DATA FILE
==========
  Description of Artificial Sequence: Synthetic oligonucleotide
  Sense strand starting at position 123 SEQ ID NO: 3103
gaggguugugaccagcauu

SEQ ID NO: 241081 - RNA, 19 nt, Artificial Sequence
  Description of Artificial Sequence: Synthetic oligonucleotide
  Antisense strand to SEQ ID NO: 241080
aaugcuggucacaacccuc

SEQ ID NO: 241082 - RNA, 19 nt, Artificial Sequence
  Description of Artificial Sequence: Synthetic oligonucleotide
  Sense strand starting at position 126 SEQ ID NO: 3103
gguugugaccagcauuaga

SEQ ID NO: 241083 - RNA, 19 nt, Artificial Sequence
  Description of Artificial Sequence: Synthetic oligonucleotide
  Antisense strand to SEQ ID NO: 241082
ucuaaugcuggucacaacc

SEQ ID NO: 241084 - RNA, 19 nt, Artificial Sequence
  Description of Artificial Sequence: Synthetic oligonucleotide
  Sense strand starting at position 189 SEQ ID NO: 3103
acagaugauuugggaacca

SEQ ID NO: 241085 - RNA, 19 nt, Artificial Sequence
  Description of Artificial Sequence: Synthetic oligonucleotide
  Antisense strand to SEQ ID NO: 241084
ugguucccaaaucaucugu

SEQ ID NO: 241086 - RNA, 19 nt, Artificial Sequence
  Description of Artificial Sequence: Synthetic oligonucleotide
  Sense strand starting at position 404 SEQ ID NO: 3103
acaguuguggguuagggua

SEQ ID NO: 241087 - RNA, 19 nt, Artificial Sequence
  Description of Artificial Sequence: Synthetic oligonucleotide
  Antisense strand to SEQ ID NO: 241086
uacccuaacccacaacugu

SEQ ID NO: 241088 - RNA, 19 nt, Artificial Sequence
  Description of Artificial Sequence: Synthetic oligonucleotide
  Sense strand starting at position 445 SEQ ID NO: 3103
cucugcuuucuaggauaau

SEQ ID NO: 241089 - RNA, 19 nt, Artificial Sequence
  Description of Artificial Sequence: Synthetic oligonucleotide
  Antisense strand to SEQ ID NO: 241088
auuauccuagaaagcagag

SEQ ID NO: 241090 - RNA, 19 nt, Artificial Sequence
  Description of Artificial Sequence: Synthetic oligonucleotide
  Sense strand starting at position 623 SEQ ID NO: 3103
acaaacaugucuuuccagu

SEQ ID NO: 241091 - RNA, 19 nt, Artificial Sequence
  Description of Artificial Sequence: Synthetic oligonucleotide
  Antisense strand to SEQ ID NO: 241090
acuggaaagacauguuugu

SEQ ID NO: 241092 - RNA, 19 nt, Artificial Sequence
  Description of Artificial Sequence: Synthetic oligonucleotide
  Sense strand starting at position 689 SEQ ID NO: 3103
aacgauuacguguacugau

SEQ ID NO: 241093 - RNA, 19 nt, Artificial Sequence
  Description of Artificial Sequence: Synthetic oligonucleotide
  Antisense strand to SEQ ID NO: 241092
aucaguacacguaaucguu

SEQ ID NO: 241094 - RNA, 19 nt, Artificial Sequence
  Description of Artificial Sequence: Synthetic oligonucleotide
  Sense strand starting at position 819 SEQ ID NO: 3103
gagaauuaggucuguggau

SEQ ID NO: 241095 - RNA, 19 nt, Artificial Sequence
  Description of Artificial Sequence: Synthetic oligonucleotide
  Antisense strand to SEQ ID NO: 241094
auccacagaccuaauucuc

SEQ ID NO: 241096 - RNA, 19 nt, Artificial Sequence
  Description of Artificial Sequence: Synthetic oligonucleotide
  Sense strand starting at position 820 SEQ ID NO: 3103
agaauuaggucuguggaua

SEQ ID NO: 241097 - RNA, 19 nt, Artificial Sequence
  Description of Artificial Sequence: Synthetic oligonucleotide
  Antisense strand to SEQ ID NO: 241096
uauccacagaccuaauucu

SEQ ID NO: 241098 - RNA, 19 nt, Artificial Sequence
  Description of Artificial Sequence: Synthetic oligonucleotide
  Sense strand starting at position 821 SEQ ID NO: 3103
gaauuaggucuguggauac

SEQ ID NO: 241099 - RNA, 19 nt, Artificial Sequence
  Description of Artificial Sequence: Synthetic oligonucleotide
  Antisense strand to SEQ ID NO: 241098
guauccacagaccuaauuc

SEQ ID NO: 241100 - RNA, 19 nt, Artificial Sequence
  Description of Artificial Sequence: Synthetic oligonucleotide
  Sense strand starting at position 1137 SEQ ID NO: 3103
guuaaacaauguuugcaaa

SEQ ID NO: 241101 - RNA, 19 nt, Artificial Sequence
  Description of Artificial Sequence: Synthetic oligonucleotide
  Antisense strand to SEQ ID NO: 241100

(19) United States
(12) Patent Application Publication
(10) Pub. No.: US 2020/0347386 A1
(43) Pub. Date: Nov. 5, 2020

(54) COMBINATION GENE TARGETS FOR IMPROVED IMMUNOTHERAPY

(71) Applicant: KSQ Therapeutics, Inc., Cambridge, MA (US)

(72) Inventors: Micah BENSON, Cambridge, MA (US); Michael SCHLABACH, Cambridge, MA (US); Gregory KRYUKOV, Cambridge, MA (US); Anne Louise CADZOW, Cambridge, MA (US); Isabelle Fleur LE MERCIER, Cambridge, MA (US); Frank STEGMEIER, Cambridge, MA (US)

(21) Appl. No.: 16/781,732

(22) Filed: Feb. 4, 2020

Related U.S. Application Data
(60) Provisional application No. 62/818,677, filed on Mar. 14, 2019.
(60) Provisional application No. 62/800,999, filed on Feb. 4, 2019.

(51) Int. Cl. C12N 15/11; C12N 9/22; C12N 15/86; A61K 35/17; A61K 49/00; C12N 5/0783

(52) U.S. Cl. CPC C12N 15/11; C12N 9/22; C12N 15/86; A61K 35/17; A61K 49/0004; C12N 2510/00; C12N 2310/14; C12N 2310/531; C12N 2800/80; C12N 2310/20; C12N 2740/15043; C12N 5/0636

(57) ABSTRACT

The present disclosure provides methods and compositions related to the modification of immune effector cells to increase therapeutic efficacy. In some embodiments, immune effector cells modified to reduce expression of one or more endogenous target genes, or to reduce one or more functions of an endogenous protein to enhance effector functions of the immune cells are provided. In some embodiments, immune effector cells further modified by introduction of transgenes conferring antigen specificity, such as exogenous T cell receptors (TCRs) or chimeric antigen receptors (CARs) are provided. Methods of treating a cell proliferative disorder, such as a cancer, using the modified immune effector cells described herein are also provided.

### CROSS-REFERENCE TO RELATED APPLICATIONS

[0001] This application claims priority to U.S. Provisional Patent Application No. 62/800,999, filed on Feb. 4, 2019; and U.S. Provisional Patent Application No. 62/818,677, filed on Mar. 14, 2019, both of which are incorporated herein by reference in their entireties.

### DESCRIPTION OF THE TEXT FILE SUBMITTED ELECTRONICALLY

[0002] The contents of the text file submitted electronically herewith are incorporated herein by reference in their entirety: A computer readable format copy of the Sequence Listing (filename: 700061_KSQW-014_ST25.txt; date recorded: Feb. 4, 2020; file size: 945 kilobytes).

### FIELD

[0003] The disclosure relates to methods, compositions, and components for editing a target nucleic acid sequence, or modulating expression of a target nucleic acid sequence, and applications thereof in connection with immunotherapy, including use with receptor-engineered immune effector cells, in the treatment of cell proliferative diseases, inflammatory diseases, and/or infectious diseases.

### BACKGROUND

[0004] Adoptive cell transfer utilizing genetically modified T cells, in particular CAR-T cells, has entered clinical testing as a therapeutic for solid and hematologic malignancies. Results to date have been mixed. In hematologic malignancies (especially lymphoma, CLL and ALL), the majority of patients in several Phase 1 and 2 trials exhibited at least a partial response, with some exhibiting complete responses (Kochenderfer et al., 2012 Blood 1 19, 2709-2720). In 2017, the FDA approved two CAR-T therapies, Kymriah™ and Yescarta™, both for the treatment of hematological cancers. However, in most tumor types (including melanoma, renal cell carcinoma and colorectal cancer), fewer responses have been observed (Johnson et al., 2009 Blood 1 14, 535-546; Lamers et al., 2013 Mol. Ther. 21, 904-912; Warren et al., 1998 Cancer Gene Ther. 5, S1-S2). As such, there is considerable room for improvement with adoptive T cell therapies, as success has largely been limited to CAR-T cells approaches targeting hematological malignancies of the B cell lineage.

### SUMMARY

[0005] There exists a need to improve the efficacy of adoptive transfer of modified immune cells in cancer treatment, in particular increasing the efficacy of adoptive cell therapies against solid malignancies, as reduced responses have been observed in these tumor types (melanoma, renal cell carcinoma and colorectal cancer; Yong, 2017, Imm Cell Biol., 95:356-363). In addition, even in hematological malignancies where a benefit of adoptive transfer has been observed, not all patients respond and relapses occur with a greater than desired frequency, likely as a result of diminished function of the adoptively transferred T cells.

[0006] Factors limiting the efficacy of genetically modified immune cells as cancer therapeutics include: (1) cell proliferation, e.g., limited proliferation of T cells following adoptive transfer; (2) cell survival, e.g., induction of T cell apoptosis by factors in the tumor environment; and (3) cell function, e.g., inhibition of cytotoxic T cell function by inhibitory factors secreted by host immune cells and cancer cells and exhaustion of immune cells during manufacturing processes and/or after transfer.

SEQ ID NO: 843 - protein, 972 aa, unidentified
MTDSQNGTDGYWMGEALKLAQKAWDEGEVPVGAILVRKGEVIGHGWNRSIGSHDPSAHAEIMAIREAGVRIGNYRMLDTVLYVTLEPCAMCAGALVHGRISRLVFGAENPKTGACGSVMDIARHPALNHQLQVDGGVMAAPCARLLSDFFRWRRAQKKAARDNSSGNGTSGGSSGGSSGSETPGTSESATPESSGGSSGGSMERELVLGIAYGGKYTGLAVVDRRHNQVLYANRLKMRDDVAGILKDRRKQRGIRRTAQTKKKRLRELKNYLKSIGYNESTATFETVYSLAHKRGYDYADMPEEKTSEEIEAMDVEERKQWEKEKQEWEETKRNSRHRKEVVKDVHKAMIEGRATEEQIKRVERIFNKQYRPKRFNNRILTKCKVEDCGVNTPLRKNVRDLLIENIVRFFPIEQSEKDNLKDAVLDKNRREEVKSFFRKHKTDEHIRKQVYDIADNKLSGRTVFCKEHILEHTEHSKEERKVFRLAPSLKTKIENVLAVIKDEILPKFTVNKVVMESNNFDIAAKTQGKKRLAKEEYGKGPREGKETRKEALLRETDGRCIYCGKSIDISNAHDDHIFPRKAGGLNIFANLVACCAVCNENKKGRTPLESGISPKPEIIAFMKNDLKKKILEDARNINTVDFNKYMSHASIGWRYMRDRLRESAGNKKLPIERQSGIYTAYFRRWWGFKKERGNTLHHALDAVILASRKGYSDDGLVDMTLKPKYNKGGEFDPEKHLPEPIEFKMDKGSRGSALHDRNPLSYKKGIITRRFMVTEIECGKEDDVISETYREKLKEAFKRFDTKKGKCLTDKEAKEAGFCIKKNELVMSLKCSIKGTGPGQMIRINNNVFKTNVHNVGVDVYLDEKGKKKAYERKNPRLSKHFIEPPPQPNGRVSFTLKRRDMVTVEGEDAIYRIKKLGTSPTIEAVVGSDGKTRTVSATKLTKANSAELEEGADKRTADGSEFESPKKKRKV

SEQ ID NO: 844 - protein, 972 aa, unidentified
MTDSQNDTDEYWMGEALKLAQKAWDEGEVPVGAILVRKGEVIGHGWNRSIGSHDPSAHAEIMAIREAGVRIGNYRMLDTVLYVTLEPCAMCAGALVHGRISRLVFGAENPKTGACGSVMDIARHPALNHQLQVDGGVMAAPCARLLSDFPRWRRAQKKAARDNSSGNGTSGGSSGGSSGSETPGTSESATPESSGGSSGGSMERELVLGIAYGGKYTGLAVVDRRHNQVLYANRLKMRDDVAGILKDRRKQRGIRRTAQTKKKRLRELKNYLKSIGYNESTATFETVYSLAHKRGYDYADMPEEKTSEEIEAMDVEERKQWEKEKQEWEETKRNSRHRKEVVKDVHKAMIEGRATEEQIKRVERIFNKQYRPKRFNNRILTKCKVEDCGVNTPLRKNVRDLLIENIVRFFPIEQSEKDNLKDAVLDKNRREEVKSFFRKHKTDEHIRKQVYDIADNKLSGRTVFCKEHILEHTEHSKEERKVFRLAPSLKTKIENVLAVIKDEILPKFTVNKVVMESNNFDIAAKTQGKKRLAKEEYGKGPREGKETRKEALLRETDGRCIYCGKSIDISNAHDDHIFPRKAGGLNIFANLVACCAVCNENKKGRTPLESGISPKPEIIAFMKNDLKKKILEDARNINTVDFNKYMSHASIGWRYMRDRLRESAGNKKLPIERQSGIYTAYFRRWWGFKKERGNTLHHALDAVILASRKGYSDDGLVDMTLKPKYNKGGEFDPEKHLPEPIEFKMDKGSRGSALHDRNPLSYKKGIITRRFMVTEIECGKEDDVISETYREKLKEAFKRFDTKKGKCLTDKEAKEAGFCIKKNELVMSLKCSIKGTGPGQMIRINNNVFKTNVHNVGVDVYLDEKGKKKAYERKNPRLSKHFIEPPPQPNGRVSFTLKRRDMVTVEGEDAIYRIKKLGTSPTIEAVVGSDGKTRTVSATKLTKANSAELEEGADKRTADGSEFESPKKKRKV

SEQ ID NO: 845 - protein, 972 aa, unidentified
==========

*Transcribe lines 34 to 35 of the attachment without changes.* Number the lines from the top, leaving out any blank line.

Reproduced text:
  Sense strand starting at position 445 SEQ ID NO: 3103
cucugcuuucuaggauaau